We are constantly told that America needs to import its engineers from abroad—specifically China and India—in order to make up for a perceived talent deficit in the United States.
As with most nuggets of current wisdom, this bromide loses some of its zing on closer examination. Pooja Bhatt, portfolio manager from Accenture specifically working with development initiatives, shared some disturbing Indian education statistics at a Brookings Institution conference.
Out of the 500,000 engineers who graduate per year from India, only 2.6% are employable and over 50% don’t have skills to succeed. Moreover, About 80% of Indian students have not mastered the basics of reading or mathematics, Ashish Dhawan, CEO for the Central Square Foundation, said in remarks made at that same symposium.
One wonders if the other 20 percent are in schools such as the ones managed by Baishali Bomjan  and her mentors at the CCS Academy.
Finally, while one of the ostensible goals of the Obama Administration’s Race to the Top program is to make the U. S. more competitive internationally, another speaker at the panel discussion expressed skepticism about it as a model for India. Subir Gokarn, Brookings India research director, said that Race to the Top-like programs are dangerous for India.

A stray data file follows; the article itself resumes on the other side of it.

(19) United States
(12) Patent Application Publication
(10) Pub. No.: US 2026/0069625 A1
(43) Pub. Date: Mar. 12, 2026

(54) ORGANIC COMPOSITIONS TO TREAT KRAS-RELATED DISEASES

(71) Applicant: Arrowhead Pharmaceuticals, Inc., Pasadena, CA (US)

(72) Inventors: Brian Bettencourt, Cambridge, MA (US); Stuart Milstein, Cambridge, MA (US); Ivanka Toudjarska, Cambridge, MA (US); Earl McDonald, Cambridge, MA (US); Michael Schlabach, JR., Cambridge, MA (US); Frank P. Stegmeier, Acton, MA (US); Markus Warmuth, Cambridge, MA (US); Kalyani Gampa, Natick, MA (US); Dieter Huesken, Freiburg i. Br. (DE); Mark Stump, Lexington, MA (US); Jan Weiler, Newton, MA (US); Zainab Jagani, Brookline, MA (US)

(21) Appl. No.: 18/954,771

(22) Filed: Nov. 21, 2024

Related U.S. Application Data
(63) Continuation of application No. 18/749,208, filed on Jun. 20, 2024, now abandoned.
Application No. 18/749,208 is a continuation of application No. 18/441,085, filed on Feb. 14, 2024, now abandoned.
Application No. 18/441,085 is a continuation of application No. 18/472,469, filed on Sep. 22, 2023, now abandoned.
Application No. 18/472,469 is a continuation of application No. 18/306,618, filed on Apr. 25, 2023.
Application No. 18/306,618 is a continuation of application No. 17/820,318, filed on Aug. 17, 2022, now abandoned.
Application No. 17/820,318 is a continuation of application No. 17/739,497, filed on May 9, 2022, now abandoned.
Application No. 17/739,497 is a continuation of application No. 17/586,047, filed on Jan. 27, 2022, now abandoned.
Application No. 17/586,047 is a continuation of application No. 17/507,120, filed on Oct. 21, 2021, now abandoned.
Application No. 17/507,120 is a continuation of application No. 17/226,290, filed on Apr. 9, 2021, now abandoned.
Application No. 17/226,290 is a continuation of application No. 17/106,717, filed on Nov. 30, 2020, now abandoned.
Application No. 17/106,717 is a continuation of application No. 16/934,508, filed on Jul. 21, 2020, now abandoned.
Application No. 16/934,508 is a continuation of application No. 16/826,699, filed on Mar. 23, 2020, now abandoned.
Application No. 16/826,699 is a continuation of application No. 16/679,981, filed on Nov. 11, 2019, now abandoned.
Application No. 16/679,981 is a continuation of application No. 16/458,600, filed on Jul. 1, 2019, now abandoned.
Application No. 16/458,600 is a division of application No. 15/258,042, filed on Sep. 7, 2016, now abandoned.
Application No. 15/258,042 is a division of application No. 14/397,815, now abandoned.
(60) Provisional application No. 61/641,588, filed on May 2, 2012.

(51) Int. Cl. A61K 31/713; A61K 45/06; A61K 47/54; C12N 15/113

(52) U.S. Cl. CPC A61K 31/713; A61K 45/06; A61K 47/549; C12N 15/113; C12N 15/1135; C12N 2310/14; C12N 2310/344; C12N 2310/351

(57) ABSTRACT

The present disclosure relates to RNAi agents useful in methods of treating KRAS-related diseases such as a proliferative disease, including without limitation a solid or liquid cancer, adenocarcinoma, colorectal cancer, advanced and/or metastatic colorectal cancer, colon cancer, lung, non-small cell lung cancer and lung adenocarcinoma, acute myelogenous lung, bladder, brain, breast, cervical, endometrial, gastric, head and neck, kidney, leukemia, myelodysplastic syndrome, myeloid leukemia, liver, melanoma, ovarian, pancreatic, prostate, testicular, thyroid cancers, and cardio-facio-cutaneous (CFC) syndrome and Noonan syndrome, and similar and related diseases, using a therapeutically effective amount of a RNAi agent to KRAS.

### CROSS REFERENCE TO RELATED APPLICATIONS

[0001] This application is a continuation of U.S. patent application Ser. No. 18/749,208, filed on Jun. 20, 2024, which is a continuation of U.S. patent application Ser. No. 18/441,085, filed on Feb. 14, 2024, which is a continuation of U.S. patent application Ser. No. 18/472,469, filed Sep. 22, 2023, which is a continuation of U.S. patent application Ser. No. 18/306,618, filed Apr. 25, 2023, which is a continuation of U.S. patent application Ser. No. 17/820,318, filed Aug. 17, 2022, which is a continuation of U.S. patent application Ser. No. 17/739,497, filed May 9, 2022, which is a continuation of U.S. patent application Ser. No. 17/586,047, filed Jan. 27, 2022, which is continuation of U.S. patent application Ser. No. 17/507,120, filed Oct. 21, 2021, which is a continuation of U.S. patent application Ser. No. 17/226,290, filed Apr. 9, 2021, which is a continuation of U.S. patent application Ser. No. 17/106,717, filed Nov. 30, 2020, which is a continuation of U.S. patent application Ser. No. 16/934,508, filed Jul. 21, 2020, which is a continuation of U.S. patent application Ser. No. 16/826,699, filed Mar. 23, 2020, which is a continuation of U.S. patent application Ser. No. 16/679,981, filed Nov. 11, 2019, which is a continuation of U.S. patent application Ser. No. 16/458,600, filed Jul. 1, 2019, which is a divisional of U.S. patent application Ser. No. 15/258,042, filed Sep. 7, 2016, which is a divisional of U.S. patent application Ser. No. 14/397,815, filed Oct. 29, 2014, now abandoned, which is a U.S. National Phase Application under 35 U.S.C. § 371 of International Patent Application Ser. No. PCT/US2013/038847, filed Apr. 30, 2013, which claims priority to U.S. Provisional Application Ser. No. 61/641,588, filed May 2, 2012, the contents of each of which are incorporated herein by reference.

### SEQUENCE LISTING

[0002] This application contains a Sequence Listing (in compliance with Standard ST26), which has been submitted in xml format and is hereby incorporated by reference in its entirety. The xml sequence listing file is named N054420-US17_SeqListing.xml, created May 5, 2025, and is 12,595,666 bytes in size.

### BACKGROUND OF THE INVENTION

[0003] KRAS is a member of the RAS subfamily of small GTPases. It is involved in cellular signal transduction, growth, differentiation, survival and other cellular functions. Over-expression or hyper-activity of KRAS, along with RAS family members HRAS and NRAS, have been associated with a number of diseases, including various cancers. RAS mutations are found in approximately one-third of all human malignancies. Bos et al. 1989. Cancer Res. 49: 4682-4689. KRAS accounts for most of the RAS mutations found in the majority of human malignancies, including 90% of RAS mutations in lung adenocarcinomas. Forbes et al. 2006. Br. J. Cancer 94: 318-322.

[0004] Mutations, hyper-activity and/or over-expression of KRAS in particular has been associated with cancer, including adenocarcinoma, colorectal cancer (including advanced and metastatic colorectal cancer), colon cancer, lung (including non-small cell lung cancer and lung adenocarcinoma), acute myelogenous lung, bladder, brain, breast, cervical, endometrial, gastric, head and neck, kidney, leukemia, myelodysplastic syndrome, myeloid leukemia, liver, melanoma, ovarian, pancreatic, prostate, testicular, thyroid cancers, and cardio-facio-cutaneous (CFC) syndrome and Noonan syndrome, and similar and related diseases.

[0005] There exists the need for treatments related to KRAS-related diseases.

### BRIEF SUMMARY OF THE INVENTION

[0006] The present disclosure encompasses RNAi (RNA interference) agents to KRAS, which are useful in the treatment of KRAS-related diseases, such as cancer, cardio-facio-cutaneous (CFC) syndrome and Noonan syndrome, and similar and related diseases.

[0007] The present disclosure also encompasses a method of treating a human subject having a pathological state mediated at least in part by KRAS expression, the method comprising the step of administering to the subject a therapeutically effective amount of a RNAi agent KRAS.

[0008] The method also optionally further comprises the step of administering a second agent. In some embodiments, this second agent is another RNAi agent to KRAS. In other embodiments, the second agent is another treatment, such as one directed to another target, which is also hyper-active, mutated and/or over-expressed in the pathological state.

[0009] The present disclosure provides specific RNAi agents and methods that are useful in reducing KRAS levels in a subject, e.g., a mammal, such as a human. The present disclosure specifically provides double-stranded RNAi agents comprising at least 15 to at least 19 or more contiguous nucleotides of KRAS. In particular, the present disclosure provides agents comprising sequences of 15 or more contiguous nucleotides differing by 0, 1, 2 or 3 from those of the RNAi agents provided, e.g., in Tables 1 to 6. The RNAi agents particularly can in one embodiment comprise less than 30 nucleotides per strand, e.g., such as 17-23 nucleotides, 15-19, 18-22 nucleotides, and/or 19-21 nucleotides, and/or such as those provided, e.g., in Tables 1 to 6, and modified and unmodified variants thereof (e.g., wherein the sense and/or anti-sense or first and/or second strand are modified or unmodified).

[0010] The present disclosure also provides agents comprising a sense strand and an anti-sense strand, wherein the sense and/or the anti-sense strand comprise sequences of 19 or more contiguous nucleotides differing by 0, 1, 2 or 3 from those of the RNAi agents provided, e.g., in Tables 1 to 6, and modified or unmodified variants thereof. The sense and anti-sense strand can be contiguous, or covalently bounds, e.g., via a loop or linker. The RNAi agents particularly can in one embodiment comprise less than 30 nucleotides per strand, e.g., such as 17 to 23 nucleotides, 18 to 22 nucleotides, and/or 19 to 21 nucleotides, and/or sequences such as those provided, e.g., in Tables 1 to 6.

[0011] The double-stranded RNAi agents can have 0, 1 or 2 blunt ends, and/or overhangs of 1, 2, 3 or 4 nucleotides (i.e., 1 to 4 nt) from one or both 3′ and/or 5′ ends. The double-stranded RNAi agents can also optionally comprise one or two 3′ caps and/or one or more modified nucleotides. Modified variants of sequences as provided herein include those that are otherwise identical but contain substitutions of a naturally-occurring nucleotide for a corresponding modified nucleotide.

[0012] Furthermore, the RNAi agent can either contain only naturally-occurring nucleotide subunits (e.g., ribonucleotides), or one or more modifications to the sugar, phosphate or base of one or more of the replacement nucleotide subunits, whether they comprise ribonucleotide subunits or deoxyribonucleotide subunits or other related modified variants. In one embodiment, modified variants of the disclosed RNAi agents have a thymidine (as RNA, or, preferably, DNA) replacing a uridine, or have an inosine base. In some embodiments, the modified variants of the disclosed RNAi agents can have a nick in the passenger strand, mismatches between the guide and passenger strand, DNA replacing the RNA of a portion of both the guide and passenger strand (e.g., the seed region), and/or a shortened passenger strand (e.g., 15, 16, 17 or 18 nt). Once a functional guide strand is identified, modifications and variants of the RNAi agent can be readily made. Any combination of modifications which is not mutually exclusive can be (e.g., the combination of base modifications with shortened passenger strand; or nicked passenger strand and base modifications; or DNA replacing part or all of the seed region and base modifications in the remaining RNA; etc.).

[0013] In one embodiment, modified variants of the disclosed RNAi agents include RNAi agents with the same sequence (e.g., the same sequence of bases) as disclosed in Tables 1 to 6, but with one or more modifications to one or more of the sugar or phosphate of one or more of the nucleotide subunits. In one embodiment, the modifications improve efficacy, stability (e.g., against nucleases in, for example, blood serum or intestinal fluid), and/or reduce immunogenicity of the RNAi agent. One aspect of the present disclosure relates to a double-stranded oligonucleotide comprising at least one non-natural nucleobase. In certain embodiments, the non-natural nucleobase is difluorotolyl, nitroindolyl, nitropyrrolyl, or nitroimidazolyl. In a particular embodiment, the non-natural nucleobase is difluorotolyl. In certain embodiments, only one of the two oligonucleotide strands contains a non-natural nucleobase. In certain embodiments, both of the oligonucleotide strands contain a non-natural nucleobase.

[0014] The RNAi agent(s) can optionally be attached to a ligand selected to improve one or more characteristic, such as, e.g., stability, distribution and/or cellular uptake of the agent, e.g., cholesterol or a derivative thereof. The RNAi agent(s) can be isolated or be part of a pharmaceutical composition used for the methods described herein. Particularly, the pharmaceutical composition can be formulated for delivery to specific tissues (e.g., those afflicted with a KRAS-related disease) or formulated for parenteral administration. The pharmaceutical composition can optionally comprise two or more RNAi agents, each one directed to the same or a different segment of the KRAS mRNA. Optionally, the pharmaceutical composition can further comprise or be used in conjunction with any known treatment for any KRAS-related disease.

Gokarn is wary of Race to the Top’s “one size fits all” approach that fails to take into account demographics, caste systems and gender inequality. It will result in significant trial and error, and he asked whether it would be viable for Indian education to undertake this type of plan.
Spencer Irvine is a staff writer at Accuracy in Academia.
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